Tips 'N Tricks

'Java Tip 118: Utilize the EjbProxy'

Gorsen Huang

Using the Reflection API with EJB: What's the tradeoff?

Gorsen,

Using the Java Reflection API with EJB (Enterprise JavaBeans) is a useful technique. It can remarkably improve developer productivity. I like it because it saves me a lot of development time. On the other hand, Java Reflection definitely adds overhead during runtime and therefore penalizes performance. How significant is this tradeoff?

Ken Wong

Ken, You are right, using Java Reflection will add overhead. But in some cases, this overhead might not be significant and can be ignored. Since the invoking EJB, which involves remote-calling procedures, usually takes a longer time, this overhead is relatively small. I have compared two ways of invoking EJB, by Java Reflection and by directly calling the

create()

method; their differences are ignorable (testing showed the differences average about 1 millisecond, or less than 2 percent). My simple testing compared the following two ways of invoking the EJB (repeating 50 times):

  1. Non-Reflection:
               YourEJBHome obHome = (YourEJBHome)PortableRemoteObject.narrow(home, YourEJBHome.class);
                YourEjb obj = (YourEjb) PortableRemoteObject.narrow(YourEJBHome.create(), YourEjb.class);
    
    
  2. Reflection:
               EJBHome obHome = (EJBHome)PortableRemoteObject.narrow (home,EJBHome.class);
                 Method m = obHome.getClass().getDeclaredMethod("create", newClass[0]);
                YourEjb objRemote = (YourEjb)m.invoke (obHome, new Object[0]);
    
    

Generally, the process of design and programming is the process of making choices. Sometimes, the tradeoff is worth it, sometimes not. Gorsen Huang

Java Q&A

'Double trouble'

Tony Sintes

Why did Sun omit parseDouble() before Java 1.2?

Tony,

The code's behavior is a biproduct of Sun's preference to "favor immutable objects" (Bloch, Gosling), similarly exhibited in wrapper classes like BigInteger and BigDecimal. The benefits are the following:

  • Ease of concurrent system development (immutable objects are inherently thread-safe)
  • Typical preference of composition over derivational models
  • Flexibility of static factory methods
  • Number of logically equivalent objects limited to distinct objects using factory methods

And finally ... invariance is simple to develop and use as a client!

Lance

Lance, I'm not sure if Sun leaving out the

parseDouble()

method before Java 1.2 is a biproduct of favoring immutable objects or not, since other 1.1 wrappers included similar parsing methods. That said, your explanation makes the most sense of any I have heard. Those that did include parsing methods in 1.1:

  • Byte has parseByte()
  • Integer has parseInt()
  • Long has parseLong()
  • Short has parseShort()

Those that didn't in 1.1:

  • Double
  • Float
  • BigDecimal
  • BigInteger

I dug up some old docs.

Integer

and

Long

have always had parsing methods, while

Double

and

Float

have always lacked them.

Short

and

Byte

were added in 1.1 with parsing methods.

BigDecimal

and

BigInteger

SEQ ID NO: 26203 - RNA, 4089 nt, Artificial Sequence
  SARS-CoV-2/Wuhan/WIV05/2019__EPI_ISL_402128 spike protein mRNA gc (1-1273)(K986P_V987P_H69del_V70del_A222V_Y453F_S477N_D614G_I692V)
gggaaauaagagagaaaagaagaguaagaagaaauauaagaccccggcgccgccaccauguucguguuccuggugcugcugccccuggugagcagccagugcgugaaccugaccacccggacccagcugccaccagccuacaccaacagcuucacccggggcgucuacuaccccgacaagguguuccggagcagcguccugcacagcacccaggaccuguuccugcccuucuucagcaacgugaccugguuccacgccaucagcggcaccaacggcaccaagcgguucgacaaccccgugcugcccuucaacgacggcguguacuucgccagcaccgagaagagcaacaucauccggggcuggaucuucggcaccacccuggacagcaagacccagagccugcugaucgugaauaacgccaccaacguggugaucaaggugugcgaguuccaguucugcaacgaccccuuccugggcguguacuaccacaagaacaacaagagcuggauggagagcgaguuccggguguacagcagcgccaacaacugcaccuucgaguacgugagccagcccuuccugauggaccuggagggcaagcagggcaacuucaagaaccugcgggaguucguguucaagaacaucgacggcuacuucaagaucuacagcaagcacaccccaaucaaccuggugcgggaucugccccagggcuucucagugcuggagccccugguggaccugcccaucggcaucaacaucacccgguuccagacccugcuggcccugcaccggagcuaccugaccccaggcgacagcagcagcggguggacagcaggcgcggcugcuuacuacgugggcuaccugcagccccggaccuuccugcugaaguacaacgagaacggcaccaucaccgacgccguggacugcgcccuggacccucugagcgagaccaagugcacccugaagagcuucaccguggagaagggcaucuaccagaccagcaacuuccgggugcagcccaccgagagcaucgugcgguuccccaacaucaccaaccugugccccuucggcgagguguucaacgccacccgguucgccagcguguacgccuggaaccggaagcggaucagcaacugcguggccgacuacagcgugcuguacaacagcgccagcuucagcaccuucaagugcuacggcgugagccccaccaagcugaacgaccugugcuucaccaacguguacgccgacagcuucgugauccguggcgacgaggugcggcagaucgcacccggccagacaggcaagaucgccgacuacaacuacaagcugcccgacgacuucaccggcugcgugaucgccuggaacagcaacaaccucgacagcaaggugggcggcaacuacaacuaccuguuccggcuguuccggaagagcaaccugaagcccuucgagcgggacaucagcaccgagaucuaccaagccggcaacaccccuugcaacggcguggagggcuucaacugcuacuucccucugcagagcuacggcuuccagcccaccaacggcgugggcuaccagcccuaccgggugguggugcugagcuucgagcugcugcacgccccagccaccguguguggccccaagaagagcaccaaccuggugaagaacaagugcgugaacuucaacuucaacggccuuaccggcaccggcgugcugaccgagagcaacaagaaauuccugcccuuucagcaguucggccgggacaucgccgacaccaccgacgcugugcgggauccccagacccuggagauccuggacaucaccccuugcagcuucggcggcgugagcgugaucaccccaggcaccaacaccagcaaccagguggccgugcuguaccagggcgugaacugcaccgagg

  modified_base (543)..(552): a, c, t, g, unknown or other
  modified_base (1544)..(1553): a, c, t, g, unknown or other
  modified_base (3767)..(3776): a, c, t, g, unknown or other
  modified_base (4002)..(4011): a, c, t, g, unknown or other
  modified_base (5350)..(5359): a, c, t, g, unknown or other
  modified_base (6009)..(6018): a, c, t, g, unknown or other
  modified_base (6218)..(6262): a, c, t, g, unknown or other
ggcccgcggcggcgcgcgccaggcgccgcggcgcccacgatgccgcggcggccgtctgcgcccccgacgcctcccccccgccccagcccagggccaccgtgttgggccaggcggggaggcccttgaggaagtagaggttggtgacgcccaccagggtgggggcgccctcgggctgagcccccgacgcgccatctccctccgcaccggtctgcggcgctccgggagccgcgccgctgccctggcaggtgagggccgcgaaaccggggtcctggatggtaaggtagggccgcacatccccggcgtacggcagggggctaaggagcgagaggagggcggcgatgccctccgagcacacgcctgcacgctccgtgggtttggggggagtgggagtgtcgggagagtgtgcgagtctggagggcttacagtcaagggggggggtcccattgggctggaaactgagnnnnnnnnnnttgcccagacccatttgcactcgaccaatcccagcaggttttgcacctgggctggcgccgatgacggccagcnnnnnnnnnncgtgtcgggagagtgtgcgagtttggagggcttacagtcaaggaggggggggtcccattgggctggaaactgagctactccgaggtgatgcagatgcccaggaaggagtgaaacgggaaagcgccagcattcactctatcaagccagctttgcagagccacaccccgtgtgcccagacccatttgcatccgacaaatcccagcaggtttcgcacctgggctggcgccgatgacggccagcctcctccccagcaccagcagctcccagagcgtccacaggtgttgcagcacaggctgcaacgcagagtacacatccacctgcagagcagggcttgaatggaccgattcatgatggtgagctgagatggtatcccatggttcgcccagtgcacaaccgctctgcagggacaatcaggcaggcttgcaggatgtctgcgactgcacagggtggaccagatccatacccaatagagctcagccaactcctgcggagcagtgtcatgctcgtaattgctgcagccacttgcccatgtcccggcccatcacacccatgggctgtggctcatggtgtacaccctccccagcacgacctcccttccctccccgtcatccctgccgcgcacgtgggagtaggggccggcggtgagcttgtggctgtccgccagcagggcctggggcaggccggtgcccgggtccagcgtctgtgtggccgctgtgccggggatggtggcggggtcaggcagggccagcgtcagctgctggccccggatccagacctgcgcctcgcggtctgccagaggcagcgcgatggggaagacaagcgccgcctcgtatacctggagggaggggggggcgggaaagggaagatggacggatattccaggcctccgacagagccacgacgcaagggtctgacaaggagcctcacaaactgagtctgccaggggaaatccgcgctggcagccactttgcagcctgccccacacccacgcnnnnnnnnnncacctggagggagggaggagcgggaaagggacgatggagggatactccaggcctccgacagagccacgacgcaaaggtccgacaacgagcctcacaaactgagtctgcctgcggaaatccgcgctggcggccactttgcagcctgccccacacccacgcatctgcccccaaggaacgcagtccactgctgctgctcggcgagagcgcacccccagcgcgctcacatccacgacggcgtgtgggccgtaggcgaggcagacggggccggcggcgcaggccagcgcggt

were added in 1.1, but lacked parsing methods. I've had a few opportunities to speak with Joshua Bloch (though I'm sure he doesn't remember me). Joshua says that practices like favoring immutable objects were often learned over time. When Java was first developed, Sun didn't even know what the best practices were (thus, all kinds of ugliness in the older APIs, such as

Interface

constants). Perhaps including a parsing method in

Byte

,

Integer

,

Long

, and

Short

are just historical anomalies, that is, they were created before Sun decided to favor immutableness. Now, the only thing that makes me uncomfortable with that theory is the fact that

Float

and

Double

do not have parsing methods in 1.0, while

Integer

and

Long

do. Why would Sun put the methods in

Integer

and

Long

but not

Float

and

Double

? Maybe the reason had something to do with the fact that

Float

and

Double

both dealt with floating-point. Maybe the classes' original implementations could not easily support direct parsing of a string through a static. Tony Sintes

'The Lucene search engine: Powerful, flexible, and free'

Brian Goetz

Does Lucene search through database records?

Brian,

For my Java application, I am considering using the Lucene search engine to search records in a database table, specifically certain columns in the table, which may consist of text blocks. Is Lucene appropriate for this type of searching?

All the examples I find on Lucene (including your article) indicate that Lucene is primarily used for file searching, not searching through database records. However, your article makes some reference to database searching:

Data sources: Many search engines can only index files or Webpages. This handicaps applications where indexed data comes from a database, or where multiple virtual documents exist in a single file, such as a ZIP archive. Lucene allows developers to deliver the document to the indexer through a String or an InputStream, permitting the data source to be abstracted from the data. However, with this approach, the developer must supply the appropriate readers for the data.

I would greatly appreciate any resources or code examples you could provide on how to use Lucene to search database records.

Chris Bojrab

Chris, Lucene is appropriate for the type of searching you need. When you give a Lucene indexer a document to index, it expects a Reader. The Tokenizer/Analzyer will convert the character stream into a token stream. If you're indexing a file, you just use FileReader; if you're indexing a document that comes out of a database, you just create a class that implements Reader, which fetches the bytes out of the database (probably using the Java Database Connectivity's BLOB (binary large object) features.) Lucene doesn't care where the data comes from -- it just draws characters from a Reader. You supply it with a Reader that knows where to get the characters. Brian Goetz

'Internationalize your software'

Part 1. Learn how to develop software for the global marketplace

Part 2. Explore concepts of internationalization and localization; characters and character definition standards; locales; and resource bundles

Part 3. Explore dates, time zones, calendars, formatters, and international fonts

Jeff Friesen

Jeff presents a list of worldwide time zones

Jeff, For years I have been looking for a list of the worldwide standard time zones, with their complete names as used in the US -- for example, eastern standard time, Pacific standard time, and so on. My search brought me to this site where I found 33 time zones initialized. Could I get this list of time zones spelled out in full?

Arthur Jackson